An urban legend circulated at work yesterday - "The Groom's/Bride's Revenge," which comes in numerous iterations, and involves one of the prospective couple publicly exposing the other for sleeping with some other member of the wedding party, and calling off the wedding. This version was a particularly good one, with Clemson University and Jay Leno thrown in as convincing details, and a nice dramatic build involving compromising photographs of the offending bride and best man taped underneath the guests' seats at the reception. We like the horror of stories like this. We use these legends as previous generations used folk tales to teach which values are important. "If you do this bad thing, you will deserve this humiliating punishment" is the underlying message to many urban legends.
Printing up the disproof of the legend from snopes, I browsed through the many other wedding legends and customs. Nice to have the State of NH pay me for fifteen minutes of entertainment like that. Fascinating stuff, those wedding legends. The custom of brides wearing white did not originate to advertise purity, but ostentatious display in class-conscious Victorian times. A white dress is clearly a one-use only item, so families would put their daughters in these elaborate displays to highlight their ability to waste wealth. The dresses leading up to the white gowns were increasingly elaborate, not increasingly light-colored. White has generally been used to signify joy. Practically every other wedding custom seems to be about sex, but not this one. Threshold...garter...feeding cake...veil...they're all about sex. Big surprise, eh?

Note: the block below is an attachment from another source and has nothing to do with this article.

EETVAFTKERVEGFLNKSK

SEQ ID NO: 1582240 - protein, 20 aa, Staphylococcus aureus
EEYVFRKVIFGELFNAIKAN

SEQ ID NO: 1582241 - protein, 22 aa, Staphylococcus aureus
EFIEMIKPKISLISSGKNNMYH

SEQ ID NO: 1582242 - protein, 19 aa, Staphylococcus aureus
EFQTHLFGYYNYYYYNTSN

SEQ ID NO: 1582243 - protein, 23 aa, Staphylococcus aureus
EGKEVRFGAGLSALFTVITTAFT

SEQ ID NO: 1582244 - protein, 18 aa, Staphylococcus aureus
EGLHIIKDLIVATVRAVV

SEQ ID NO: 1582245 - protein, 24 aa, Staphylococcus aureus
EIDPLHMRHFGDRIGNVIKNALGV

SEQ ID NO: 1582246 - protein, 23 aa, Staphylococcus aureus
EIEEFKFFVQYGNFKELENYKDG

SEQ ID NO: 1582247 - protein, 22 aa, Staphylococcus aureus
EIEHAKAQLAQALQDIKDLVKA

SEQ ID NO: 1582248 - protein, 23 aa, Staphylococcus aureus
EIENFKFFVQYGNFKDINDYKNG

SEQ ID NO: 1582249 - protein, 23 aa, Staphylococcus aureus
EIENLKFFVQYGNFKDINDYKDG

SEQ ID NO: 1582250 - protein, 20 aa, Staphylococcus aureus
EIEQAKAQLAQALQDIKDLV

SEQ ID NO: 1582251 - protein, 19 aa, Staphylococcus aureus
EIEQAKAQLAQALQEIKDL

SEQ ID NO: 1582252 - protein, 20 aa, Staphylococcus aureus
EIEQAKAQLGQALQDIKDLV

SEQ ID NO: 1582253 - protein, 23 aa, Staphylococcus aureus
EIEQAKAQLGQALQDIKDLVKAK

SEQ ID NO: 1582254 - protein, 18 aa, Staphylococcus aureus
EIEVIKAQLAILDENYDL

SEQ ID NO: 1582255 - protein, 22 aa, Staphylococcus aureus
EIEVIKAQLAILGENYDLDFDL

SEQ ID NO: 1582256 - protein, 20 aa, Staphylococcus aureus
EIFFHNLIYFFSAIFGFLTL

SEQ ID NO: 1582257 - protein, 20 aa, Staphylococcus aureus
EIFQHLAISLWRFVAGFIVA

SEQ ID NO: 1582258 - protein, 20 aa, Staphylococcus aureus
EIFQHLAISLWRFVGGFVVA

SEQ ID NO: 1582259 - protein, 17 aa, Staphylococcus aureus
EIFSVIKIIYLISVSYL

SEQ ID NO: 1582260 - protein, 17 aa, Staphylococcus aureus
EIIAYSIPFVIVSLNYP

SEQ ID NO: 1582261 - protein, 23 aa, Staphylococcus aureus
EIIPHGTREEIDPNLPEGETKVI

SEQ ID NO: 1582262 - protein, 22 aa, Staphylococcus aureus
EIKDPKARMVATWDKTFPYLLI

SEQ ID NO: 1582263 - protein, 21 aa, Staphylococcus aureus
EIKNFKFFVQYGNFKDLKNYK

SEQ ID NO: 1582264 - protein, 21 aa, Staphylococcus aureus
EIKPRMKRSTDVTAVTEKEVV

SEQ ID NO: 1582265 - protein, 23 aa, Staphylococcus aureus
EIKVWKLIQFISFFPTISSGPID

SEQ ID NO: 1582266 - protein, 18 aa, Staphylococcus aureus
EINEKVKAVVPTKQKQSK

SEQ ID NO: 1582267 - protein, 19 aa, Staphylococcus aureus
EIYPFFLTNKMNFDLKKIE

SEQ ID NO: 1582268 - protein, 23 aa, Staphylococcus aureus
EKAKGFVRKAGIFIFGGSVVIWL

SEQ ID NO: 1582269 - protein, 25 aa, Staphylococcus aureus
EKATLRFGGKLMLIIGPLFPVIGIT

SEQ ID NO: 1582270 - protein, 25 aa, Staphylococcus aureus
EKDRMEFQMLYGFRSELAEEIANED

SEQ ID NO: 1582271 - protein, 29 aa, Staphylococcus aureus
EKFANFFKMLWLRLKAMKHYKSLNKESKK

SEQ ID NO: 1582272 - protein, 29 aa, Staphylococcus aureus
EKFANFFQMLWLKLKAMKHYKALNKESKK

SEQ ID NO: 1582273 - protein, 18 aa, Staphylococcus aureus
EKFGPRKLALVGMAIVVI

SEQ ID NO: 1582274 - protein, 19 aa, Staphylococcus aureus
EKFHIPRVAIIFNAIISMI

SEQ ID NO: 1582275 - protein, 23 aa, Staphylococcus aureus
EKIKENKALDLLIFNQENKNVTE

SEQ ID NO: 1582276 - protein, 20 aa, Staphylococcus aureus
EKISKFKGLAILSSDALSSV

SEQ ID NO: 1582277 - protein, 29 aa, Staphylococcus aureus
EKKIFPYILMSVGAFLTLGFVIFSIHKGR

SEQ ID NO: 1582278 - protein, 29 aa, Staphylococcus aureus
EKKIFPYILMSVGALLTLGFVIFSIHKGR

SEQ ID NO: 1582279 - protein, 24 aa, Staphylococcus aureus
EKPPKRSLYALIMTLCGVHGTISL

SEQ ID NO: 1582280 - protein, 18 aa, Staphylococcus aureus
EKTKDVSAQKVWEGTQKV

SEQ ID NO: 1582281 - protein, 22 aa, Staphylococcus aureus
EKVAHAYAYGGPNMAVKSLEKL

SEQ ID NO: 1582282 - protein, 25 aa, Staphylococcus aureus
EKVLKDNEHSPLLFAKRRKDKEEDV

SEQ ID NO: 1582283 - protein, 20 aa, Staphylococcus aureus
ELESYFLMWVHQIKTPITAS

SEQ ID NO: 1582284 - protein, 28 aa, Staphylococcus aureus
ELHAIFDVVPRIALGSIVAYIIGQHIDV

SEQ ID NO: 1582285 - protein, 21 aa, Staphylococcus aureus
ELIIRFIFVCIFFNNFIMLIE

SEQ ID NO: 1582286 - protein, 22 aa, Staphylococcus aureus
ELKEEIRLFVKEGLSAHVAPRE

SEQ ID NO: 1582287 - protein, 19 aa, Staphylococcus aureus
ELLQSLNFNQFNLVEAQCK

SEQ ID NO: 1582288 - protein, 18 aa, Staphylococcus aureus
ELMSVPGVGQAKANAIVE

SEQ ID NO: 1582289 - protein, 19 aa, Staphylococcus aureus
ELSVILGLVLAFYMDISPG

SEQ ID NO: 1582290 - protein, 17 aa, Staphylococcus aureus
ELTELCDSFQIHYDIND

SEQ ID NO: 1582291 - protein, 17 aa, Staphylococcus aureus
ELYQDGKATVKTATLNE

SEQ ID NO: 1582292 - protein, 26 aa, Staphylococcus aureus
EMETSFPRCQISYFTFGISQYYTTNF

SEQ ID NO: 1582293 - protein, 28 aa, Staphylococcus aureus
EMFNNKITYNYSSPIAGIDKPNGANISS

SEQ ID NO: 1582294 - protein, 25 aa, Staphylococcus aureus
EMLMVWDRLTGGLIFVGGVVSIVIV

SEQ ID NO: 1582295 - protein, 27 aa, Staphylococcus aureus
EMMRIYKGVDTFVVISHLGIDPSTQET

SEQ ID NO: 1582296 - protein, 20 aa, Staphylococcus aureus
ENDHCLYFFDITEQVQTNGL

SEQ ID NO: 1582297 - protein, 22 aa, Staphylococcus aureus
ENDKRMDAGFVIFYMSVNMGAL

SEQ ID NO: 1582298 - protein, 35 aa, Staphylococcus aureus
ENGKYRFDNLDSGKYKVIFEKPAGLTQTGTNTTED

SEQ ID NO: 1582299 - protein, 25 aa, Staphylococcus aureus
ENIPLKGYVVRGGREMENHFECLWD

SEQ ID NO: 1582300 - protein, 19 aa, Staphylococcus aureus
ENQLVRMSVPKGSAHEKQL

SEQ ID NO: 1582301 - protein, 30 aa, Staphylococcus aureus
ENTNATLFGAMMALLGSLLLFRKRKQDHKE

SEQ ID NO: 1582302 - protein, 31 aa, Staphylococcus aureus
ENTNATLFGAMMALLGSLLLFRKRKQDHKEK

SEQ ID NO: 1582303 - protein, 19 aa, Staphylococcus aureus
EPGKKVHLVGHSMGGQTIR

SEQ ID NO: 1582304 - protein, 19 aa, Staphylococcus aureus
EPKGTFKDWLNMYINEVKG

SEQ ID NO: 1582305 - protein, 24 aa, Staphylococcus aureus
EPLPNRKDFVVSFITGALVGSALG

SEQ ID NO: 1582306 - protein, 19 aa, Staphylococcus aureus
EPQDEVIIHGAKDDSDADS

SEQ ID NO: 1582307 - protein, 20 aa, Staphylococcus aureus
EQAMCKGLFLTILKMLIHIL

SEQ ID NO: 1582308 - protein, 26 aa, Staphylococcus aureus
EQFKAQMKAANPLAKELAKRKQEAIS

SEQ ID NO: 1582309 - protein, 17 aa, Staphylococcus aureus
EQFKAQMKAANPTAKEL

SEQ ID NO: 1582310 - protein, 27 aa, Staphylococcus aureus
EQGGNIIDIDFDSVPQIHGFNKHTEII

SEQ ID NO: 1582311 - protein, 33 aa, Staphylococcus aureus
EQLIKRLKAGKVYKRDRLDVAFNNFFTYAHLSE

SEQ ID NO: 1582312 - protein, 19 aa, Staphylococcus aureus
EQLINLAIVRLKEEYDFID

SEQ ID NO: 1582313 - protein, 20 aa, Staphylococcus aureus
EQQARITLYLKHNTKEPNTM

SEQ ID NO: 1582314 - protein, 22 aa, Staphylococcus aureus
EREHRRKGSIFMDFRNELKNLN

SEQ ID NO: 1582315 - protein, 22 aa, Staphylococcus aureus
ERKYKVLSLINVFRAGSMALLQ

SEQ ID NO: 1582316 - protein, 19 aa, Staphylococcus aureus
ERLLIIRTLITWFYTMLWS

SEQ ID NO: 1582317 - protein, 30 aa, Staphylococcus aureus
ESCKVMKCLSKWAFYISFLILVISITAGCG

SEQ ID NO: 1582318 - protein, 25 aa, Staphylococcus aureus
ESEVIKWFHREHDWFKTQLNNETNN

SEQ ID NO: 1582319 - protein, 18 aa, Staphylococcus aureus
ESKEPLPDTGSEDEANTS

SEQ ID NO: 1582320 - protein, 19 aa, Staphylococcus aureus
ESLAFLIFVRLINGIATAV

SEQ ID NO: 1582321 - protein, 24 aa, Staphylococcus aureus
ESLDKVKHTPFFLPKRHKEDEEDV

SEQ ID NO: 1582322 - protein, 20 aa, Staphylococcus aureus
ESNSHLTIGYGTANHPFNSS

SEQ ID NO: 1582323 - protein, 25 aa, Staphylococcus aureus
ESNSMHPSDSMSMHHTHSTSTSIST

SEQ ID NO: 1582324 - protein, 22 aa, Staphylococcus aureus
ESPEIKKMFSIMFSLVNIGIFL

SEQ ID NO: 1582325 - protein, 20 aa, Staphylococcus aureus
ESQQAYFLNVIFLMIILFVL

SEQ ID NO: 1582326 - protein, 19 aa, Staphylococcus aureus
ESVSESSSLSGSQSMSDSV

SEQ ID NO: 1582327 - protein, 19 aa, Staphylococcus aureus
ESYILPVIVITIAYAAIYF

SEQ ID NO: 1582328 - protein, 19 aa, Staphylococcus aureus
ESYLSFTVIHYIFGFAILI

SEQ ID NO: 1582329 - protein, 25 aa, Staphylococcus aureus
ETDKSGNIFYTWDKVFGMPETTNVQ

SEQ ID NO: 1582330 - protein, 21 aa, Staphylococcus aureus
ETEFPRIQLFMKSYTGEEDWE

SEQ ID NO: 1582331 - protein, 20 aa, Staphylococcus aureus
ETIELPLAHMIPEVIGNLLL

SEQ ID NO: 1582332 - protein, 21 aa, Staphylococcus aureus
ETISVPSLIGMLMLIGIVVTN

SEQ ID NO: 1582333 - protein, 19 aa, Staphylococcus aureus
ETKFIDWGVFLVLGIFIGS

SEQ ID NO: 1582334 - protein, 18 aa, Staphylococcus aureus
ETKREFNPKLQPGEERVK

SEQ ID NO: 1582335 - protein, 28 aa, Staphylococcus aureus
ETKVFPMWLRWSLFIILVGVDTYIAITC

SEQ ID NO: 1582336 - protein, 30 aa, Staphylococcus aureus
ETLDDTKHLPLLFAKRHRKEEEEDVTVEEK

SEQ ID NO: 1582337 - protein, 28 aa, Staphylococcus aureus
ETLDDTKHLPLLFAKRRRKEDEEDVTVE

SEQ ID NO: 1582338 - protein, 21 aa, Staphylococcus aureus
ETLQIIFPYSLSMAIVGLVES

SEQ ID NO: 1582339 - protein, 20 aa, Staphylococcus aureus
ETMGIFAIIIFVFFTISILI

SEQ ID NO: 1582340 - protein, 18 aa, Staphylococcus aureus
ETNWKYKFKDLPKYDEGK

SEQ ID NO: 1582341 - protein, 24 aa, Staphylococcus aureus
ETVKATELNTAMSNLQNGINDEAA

Weddings are in the air around here; not in the immediate family, but among important members of the close circle. These include commenters Erin and Bethany, as well as blog-unaffiliated Lauren, all marrying this year. I think they will find the wedding legends amusing. And don't sleep with the best men, because I probably know them too, and that would be annoying to me.